The Ritual is the Cab

There’s a paragraph from Twyla Tharp’s The Creative Habit that lodged firmly in my brain when I first read it in college. (I loaned my copy of the book to a friend years ago and it was only recently returned it to me, so this is the first chance I’ve had to go back and reread it in a long, long while.)

A photograph of a page from Twyla Tharp's The Creative Habit. It reads: I begin each day of my life with a ritual: I wake up at 5:30 A.M., put on my workout clothes, my leg warmers, my sweatshirts, and my hat. I walk outside my Manhattan home, hail a taxi, and tell the driver to take me to the Pumping Iron gym at 91st Street and First Avenue, where I work out for two hours. The ritual is not the stretching and weight training I put my body through each morning at the gym; the ritual is the cab. The moment I tell the driver where to go I have completed the ritual.

THE RITUAL IS THE CAB.

Eh-hem. Anyway. She goes on:

Turning something into a ritual eliminates the question, Why am I doing this? By the time I give the taxi driver directions, it’s too late to wonder why I’m going to the gym and not snoozing under the warm covers of my bed. The cab is moving. I’m committed. Like it or not, I’m going to the gym.

The ritual erases the question of whether or not I like it. It’s also a friendly reminder that I’m doing the right thing. (I’ve done it before. It was good. I’ll do it again.)

This bit at the end! The question of “whether or not I like it” immediately countered with the truth that if this ritual is something I have built that will carry me towards things I have decided are meaningful to me, then it will automatically be the right thing.

But even when the right thing has proved, time and time again, to be rich, pleasurable, surprising, rewarding, and thrilling, I still have a brain that fixates on the times it is not. Sometimes it is infuriating, terrifying, or disappointing (although almost always those feelings come at the start, not during the act itself—or after the finish). I latch onto the negatives, drowning in avoidance, believing I can think my way around them.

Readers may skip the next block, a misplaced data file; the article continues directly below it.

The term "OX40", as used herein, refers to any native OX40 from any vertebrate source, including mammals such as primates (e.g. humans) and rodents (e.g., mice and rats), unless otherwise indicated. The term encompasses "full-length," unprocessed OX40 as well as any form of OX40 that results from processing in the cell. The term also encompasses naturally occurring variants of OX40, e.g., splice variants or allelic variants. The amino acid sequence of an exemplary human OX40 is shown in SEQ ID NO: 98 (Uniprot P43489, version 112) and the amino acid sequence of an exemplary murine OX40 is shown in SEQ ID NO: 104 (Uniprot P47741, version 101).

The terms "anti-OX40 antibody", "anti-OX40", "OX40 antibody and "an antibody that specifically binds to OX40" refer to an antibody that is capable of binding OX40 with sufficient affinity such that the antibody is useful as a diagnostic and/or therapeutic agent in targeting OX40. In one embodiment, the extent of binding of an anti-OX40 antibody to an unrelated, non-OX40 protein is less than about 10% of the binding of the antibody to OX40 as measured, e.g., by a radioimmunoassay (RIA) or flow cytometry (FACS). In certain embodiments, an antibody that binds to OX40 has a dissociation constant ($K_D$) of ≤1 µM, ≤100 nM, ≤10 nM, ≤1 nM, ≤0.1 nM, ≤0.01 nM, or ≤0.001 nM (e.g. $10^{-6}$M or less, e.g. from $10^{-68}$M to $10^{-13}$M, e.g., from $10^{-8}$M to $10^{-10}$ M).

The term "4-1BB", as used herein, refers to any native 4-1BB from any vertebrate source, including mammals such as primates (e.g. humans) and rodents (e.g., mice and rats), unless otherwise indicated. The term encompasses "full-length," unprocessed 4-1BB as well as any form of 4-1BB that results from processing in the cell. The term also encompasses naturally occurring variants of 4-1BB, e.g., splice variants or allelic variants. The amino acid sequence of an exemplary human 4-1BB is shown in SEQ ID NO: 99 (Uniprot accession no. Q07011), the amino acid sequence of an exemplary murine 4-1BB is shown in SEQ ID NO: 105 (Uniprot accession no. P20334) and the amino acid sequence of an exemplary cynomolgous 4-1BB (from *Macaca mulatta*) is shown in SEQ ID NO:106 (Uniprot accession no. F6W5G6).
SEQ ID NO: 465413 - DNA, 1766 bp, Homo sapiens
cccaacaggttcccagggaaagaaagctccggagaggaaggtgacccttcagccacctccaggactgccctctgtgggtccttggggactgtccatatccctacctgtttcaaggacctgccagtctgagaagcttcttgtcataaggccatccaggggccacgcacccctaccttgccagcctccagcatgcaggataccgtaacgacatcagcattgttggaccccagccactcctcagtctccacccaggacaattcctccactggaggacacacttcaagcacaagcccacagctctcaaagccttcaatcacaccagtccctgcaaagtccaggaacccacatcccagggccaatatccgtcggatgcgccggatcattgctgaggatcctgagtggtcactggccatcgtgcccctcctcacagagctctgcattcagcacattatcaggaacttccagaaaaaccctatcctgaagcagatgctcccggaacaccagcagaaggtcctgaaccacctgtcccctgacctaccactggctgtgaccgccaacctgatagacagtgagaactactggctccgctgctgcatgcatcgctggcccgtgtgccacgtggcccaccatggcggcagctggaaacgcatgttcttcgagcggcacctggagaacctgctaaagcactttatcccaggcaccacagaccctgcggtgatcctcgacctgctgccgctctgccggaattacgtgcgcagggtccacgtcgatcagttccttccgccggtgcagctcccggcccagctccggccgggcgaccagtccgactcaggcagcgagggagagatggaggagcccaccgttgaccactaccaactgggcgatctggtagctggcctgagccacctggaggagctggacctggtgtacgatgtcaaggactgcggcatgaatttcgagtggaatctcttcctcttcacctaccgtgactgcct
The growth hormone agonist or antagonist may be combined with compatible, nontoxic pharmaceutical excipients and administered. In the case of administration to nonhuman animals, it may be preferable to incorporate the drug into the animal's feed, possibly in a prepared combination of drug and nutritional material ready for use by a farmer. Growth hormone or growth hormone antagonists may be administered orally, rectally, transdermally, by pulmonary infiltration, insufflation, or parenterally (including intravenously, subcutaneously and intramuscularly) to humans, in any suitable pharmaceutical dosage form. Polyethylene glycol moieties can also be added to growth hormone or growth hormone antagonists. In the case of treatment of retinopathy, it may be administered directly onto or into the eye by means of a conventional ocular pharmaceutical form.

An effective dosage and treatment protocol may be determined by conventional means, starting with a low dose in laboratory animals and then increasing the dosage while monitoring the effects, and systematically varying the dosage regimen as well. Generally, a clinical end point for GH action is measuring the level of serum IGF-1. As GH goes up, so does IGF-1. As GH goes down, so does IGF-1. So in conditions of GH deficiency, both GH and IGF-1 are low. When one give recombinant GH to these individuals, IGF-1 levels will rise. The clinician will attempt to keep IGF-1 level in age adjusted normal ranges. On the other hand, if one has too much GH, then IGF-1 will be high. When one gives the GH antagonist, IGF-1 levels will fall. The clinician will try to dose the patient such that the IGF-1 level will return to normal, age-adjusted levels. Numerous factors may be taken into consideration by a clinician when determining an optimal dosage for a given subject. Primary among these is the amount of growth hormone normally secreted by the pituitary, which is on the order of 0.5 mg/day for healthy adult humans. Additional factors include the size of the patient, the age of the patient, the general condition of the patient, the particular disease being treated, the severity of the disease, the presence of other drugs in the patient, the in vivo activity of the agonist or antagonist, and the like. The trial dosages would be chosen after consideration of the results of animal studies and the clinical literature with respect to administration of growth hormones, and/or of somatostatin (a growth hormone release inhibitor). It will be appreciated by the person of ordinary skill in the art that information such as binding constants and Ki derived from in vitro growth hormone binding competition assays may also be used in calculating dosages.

Tharp’s model requires a clear-eyed statistician’s view—an assessment of the facts. And the fact is I feel good about the act of creation far more often than I feel bad about it. The ritual becomes a method of tipping over the edge into that inexorable slide—the point where it would be far more work to turn back than it is to go forward. The point where you can’t help yourself.

This is the mantra I need going into my next project, quaking in my boots because it all feels new and beyond my capacity or control:

I’ve done it before. It was good. I’ll do it again.

The 100 Day Project

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Those of you following me on social media may’ve noticed a new series of drawings going up over the last couple weeks! I’m participating in The 100 Day Project, which comes to us via Elle Luna and The Great Discontent. The premise of this project is simple: make something every day for 100 days. That’s all. Could be anything; a written word, a cake, a joke, a drawing, a button. I’ve actually been pitching it as a do anything for 100 days project—so one could even eat an apple a day or something similarly arbitrary. I think it’s the regularity of the ritual that’s important. There’s also value in creating something small every day and using the exercise to break down our inhibitions around perfection, but regularity breeds ritual, and ritual can take many forms.

Anyway, I’ve opted to use up the many, many Scout Books and Field Notes sketchbooks I’ve been accumulating from various events by chronicling 100 objects in my possession with words and pictures.

Notebooks
Notebooks from Linework NW (designed by Lisa Congdon), XOXO (designed by Brendan Monroe), Reid Psaltis, Scout Books, and Erika Moen.

The format involves a drawing, however crude, and as much context about the item as I can cram on the page. It started here:

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And has continued apace for the last couple weeks.

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I love projects like this that require relatively little commitment on the day-to-day, but add up to something vast over time. I’m really excited to see where this goes. If you’d like to follow along, take a peek at my Instagram page or follow along on Twitter.